Connections

Discussion in 'Naval Academy - USNA' started by Pierre680, May 15, 2018.

  1. Pierre680

    Pierre680 New Member

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    How well can connections help you to achieve a nomination? For example I have a relative who is a three star general in the Air Force; would this help my chances for an appointment not only to the air force academy but also to the other academies? I consider myself to be a well qualified candidate without the recommendation from him but could this give me an extra edge?
     
  2. kinnem

    kinnem Moderator 5-Year Member

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    If your relative knows you well then it can't hurt to have them write an LOR for a nomination. It probably wouldn't make a big difference, if any. Far more weight will be placed on other things,, including your interview. If your relative doesn't know you well, then I wouldn't bother asking. Just one man's opinion.
     
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  3. Old Navy BGO

    Old Navy BGO 5-Year Member

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    "Connections" are probably more relevant to Nominations than the actual Service Academy admissions. MOC are by nature, political animals, and would likely favor someone that can help them get ahead. That being said, an Air Force 3 star isn't necessarily the person they are looking to please (it usually goes the other way around). With respect to Service Academies, I can't really say connections are that great a benefit, and in some cases can hurt you. USNA does not really look for, or desire , letters of recommendation from other than Math /English teacher, and I would caution against name dropping ...some might not care, some might even be offended. That being said, I'm not naive enough to think that a well placed call from one flag officer to another flag officer wouldn't have some effect.
     
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  4. Capt MJ

    Capt MJ 10-Year Member

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    Each elected representative has his or her own method for evaluating candidates for a nomination, and their own process for what method they use (principal nom, ranked, unranked, etc.). “Connections” shouldn’t come into consideration in a fair process, right, if the goal is to identify the best-qualified candidates?

    I bet if you asked your 3-star relative this, I would hope he or she would tell you the Service needs the best-qualified individuals, not the best-related ones. Accidents of birth are not something you have worked hard to achieve.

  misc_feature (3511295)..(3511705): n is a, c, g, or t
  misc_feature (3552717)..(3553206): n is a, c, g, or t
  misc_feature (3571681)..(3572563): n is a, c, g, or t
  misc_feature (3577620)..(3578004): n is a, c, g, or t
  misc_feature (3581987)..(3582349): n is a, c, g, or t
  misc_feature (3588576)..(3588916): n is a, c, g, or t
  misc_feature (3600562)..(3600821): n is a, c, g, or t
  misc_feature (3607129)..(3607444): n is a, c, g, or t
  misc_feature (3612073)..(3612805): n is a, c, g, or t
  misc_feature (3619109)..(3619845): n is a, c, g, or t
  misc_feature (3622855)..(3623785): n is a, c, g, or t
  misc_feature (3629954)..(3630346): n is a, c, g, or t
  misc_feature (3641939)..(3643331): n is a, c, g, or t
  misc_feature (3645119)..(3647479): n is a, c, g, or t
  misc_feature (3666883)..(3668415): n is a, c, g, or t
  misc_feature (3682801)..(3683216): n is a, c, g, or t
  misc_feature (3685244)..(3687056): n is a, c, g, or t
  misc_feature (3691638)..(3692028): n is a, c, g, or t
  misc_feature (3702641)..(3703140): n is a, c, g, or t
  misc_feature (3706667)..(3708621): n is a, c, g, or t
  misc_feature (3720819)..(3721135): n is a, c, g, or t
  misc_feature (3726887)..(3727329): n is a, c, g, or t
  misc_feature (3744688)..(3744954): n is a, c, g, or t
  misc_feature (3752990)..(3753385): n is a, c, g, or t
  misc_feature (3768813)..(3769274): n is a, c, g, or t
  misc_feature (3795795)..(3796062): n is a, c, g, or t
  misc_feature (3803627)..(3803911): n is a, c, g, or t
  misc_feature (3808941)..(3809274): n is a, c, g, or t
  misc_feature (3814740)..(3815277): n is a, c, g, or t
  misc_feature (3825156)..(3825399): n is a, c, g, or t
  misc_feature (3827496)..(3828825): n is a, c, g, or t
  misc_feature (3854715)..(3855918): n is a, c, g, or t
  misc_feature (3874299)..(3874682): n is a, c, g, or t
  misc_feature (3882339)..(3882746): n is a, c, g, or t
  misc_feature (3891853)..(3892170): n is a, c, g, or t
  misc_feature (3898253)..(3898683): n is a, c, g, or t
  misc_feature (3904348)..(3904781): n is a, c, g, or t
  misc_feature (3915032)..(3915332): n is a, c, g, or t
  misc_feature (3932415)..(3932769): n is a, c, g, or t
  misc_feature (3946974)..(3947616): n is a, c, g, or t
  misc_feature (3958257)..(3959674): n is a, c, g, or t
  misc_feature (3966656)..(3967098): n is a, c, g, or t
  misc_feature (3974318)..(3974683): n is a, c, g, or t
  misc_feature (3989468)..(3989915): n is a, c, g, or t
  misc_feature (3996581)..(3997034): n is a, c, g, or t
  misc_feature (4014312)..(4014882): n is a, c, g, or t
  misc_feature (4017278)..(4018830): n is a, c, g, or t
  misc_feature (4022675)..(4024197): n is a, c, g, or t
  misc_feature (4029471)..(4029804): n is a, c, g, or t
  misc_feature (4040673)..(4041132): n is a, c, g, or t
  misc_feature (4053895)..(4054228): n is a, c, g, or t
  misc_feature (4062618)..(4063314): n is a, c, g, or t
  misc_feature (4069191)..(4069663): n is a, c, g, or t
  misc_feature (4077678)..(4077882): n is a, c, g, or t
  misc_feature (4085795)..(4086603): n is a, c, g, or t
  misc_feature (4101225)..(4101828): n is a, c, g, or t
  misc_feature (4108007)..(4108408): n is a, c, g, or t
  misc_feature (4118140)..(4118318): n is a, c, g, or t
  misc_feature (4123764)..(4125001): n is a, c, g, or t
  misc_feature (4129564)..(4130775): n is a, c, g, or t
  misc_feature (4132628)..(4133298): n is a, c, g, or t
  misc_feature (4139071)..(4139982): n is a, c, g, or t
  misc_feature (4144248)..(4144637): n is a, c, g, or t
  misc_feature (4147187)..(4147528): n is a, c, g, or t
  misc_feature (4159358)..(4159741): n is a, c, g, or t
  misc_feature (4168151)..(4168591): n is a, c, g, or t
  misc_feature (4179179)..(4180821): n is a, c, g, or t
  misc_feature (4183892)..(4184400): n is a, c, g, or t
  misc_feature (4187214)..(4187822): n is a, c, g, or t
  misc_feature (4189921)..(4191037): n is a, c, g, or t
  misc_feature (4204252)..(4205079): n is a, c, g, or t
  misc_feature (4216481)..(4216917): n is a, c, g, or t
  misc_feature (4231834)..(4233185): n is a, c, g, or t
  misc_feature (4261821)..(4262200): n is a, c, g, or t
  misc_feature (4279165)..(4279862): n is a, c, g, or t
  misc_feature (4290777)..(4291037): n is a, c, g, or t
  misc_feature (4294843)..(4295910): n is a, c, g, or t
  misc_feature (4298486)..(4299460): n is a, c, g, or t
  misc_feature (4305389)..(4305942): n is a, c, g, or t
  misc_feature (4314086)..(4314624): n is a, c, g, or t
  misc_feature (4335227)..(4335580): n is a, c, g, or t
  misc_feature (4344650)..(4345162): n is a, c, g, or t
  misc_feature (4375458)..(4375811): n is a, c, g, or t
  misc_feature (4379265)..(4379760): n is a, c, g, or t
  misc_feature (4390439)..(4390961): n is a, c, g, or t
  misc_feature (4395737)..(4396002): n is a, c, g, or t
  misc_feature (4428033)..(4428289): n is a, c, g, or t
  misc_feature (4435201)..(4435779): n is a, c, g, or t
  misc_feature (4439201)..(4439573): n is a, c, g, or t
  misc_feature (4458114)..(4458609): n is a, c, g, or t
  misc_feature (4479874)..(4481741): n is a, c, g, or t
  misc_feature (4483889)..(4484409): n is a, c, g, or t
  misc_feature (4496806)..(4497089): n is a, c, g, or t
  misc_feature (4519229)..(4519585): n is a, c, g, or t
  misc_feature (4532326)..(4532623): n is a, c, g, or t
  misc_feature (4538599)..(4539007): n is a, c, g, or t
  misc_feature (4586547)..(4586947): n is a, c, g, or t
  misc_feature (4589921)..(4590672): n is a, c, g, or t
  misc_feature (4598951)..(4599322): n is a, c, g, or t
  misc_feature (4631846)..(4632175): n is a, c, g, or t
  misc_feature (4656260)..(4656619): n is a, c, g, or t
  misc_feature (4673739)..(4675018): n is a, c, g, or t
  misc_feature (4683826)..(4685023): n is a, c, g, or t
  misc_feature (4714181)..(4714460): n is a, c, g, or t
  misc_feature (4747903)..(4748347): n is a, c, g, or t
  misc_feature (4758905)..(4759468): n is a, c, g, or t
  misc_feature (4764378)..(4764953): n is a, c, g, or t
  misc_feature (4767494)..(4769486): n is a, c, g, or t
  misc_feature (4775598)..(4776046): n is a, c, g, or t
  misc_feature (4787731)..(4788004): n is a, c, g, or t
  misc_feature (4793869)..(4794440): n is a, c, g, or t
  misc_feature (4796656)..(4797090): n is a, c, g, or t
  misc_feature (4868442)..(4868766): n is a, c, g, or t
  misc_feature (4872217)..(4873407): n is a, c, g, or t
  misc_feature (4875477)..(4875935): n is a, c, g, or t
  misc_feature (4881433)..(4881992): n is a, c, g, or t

Now, if your conversations with this relative helped inform your desire to serve, that’s ok to mention in essays. It’s not an appreciable edge.
     
  5. time2

    time2 10-Year Member

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    ^^ I agree. If you tend to 'name drop' during your MOC interview, that could actually be a disadvantage if you come across as aloof or self-entitled.

    Getting a NOM or an appointment is less about being politically connected or who you know and more about your qualifications. Where letters of recommendation are required, it should be someone who knows you well enough to write that letter.
     
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  6. Pierre680

    Pierre680 New Member

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    From what I've heard my congressman nominates everyone who applies who is qualified and doesn't pick and choose. Whether or not this is beneficial I'm not sure. However, when my brother applied a couple years ago he received the nomination from our Congressman but was not appointed to the academy. When my relative heard he didn't get in he told my mother that we should have asked him and said "I do have some influence you know." I'm not sure if this applies to all the academies or simply the air force one, which I'm assuming he would have some influence in.
     
  7. OtB

    OtB Dont Tread On Me (No step on snake)

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    It appears that you answered your own question and exposed your hole card.
     
  8. usna1985

    usna1985 10-Year Member

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    The OP asked about noms. Each MOC specifies the individuals from whom they want LORs. Some may leave you to chose one or more recommenders; others will tell you exactly whom they should be from. Some allow extra LORs beyond those required, some do not. Be sure to start by following directions.

    As for whether the 3-Star rec will help . . . LORs generally help if they fall into two categories. First, the recommender knows you well and can really speak to your attributes from personal knowledge. Second, the recommender knows you reasonably well and is a very well connected/highly respected person. Think: current Secretary of State or Bill Gates. Sometimes you're fortunate enough to have come across these folks and no one is naïve enough to think that if you have in a meaningful way, a good word won't help.

    You said the 3-Star is a relative. Generally, LORs from relatives don't carry much weight for obvious reasons. Now, if your father is SecState, see above. :)

    As for whether having such a relative would help with the SA admissions process . . . can't speak for USAFA b/c I don't know their process. For USNA . . . I've seen where it maybe helped and where it made no difference. In the case where may have helped, candidate had worked as an intern for a well-connected 1-star Admiral who on his own made some calls (NOT at the request of the candidate but on his own b/c he was so impressed). However, this candidate was extremely well qualified in his/her own right. In the case where it made no difference (candidate was turned down), father was a 2-star Admiral. I don't think the father did anything to try to influence the process but just having a relative who's a flag officer isn't enough.